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Umlani Captured in Photos- December 2015/January 2016

Posted on Wed January 13, 2016.

As temperatures in Timbavati soar and the rain remains aloof, wildlife sightings have been plentiful as the animals are forced to the gather around the remaining water sources. Greg McCall-Peat shares some of his recent wildlife sightings and photographs with us.

"There is something about safari life that makes you forget all your sorrows, and feel as if you had drunk half a bottle of champagne - bubbling all over with heartfelt gratitude for being alive"

- Karen Blixen

As the old year ends and the new year begins we find ourselves still firmly in the grasp of El Nino. The bush is extremely dry with us receiving very little rain but lots of sun with temperatures in the high 40’s almost on a constant basis. However this hasn't deterred the animals who are now forced to the remaining waterholes. It’s almost an extension of winter conditions without the cold. We always say how winter is the best time for game viewing because the bush is sparsely vegetated and animals need to move more to find food and water; however that is exactly how we would describe our current summer.

Hopefully this new year will bring some relief though from the drought we find ourselves in as the bush does desperately need the rain. For now though, enjoy our photo highlights from our game drives in December and January.

Marula female has been a bit scarce of late, operating a bit further north from her usual territory, even having a bit of a confrontation with her Northern neighbor Nthombi female. Perhaps she is seeking a mate as her cub is now independent and she should be coming into estrus and starting the whole process over again.

The hyena den is still active and really is a special place to go and sit to observe hyenas and their softer side. Two of the older youngsters have become very relaxed with the vehicles and we even had one of them chewing on the mud flap.

With all the animals hanging around the water, tensions run high as the water sources dry up. While we were watching these two wildebeest having a drink one of them suddenly turned on the other hitting him to the ground. The aggressor then proceeded to horn his drinking partner several times before chasing him off away from the water. An unexpected but amazing sighting to witness.

The old buffalo bulls have become permanent features at the waterholes where they spend their days escaping the heat by wallowing in mud. This bull is showing the flehmen response- this is done when they are checking the receptiveness of females.

An elephant calf having a look at his reflection in the water. It was actually quite funny to see his response and it must have been one of the first times that he had seen his own reflection because as soon as he took a look he got a fright and his ears flared out as he tried to intimidate this sudden rival that appeared in front of him.


Watching elephants at a waterhole is always an entertaining experience. The young ones really are like children having a good time in the swimming pool.

Nthombi female, a leopard we don’t often see, was actually one of our most viewed leopards this last month. It seems with Marula wandering around Nthombi has felt the need to patrol the southern sections of her territory a bit more.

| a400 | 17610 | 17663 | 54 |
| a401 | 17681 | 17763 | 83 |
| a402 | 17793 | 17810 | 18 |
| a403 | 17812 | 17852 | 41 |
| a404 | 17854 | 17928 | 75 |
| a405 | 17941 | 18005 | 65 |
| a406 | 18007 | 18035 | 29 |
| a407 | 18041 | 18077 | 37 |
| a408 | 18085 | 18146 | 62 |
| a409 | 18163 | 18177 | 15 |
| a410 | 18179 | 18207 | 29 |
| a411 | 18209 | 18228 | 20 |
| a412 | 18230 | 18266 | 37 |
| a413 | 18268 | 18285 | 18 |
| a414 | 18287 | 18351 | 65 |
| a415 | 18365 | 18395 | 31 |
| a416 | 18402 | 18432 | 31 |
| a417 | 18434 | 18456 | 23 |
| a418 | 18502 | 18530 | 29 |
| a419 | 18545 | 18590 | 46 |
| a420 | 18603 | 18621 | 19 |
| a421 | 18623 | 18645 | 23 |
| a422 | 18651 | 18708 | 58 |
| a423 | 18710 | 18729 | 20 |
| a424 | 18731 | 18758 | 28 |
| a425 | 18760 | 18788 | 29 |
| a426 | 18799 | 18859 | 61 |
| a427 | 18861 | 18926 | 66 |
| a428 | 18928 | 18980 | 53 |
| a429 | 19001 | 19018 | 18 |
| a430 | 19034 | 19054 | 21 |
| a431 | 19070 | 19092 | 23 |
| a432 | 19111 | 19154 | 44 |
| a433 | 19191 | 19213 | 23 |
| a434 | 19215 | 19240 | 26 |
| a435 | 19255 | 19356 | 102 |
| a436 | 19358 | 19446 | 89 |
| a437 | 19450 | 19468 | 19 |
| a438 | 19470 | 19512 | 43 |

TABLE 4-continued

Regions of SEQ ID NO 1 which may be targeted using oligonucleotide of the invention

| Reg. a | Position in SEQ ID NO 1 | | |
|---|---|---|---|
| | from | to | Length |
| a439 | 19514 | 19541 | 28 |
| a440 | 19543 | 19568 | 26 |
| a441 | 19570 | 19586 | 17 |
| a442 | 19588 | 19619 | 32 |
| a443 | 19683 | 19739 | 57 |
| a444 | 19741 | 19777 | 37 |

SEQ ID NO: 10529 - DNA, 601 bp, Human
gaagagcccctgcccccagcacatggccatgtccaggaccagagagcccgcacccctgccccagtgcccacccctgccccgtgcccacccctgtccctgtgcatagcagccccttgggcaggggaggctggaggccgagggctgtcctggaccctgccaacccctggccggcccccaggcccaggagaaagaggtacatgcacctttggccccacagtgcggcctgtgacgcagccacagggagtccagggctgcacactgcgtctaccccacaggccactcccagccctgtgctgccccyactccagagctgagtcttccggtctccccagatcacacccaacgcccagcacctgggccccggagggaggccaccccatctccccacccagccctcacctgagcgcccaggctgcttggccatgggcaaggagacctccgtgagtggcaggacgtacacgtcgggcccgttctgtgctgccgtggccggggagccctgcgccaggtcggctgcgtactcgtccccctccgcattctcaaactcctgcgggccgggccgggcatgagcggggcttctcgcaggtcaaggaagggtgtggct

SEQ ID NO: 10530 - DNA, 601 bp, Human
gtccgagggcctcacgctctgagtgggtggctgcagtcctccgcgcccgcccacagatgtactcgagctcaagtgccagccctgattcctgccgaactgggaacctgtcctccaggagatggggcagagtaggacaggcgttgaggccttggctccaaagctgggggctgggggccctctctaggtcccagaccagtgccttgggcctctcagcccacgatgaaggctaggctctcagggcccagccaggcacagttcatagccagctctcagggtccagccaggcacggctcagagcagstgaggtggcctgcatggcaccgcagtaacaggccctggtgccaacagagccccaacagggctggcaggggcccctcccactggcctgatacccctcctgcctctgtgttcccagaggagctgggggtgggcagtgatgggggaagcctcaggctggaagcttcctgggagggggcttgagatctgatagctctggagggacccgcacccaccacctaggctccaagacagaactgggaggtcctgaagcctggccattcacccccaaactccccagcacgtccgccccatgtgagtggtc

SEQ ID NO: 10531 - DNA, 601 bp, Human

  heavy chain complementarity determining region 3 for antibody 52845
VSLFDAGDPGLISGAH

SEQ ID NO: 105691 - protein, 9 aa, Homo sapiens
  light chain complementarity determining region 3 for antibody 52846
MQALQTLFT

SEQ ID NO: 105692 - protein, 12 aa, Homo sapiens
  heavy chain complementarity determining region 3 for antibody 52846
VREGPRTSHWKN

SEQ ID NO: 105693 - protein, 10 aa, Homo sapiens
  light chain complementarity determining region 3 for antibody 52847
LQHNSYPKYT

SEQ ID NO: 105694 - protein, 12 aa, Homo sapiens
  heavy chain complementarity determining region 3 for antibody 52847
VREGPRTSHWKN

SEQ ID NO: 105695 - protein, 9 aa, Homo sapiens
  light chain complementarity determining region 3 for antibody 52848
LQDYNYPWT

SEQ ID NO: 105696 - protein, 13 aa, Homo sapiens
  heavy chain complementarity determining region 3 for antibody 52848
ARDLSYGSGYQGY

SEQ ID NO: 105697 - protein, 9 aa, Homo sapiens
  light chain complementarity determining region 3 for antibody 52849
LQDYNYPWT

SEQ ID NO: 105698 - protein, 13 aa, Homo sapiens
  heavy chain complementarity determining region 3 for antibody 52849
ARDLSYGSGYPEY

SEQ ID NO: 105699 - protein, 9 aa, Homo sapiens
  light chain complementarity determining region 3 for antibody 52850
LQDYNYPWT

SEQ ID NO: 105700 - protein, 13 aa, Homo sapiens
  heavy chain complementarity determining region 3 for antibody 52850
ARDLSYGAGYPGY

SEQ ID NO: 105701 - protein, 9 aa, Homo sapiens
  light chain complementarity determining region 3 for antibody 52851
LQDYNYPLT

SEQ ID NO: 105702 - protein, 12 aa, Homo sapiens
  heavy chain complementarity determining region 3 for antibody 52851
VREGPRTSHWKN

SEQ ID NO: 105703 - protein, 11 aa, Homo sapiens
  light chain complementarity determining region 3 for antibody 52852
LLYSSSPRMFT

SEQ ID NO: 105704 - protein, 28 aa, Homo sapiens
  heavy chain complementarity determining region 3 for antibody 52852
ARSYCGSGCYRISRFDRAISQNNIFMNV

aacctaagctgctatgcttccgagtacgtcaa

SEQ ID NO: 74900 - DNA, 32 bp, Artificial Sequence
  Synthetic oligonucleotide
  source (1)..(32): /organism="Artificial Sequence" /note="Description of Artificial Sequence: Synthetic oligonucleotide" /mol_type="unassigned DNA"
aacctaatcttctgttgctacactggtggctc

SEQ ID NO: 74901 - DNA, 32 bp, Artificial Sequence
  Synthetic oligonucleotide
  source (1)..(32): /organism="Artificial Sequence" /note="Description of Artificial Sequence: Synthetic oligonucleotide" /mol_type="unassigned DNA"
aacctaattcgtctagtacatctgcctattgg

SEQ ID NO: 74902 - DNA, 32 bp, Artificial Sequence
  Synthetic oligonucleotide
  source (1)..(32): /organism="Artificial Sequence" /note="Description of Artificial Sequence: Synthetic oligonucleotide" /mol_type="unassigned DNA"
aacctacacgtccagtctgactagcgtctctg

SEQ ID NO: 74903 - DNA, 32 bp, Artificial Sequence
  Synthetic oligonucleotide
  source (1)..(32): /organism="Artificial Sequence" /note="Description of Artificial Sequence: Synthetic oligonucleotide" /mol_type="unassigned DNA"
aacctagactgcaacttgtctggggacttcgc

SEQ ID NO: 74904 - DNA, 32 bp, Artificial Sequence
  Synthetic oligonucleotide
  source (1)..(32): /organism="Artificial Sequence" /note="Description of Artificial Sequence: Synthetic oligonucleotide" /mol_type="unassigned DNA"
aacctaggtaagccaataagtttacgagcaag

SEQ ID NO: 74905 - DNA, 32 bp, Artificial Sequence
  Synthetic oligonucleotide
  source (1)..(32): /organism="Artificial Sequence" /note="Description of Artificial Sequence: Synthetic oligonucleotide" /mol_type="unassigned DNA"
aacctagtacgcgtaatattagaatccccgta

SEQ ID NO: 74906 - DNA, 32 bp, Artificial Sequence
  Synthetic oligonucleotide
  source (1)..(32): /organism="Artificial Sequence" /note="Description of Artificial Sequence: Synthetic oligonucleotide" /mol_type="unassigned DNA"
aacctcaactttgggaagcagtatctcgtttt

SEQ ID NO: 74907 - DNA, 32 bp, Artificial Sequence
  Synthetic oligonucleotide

Sitting at waterholes really is the thing to do, and we are lucky enough to have our treehouse at one of the most productive dams in the area. It really is worth it to go and spend a day there and see what you can see.

Although the drought we are experiencing isn't a highlight, this picture really shows off the harshness of the conditions that the animals have to endure on a daily basis.

The Ross pride spent some time on Umlani's property. The youngsters are really looking good and hopefully there is a bright future for them and we will see the pride grow back into the formidable force they once were.

Summer in the bush is a birders paradise with all the migrants moving into the area. Once again the water has been the place to be and this Grey heron was seen skirting the shoreline for a froggy meal. The patience that the heron showed was incredible as he stalked his quarry, often not making a single movement for up to 10mins to avoid being seen.

We had to laugh at this young baboon that seemed to be trying to find shade any way possible, however it really does show off the intelligence and resourcefulness of these primates to use a small bush as an umbrella.

After a long absence, Mabande was seen and is looking better than ever. This male was always noted to have a small mane for a mature male lion, however that has changed and he is looking amazing. He is spending a lot of his time with the Machaton pride who are growing in numbers with the second lioness now having new cubs. It seems having Mabande around to protect them is paying off and we look forward to watching this pride get back to their former glory.

That’s all for now, exciting times await us here with good news on the lion front as our prides seem to be on the rise. Almost all our female leopards should also have new cubs soon and we are still waiting to see when our big rains arrive to rejuvenate the dry bush. Until next time...

Written and photographed by: Greg McCall-Peat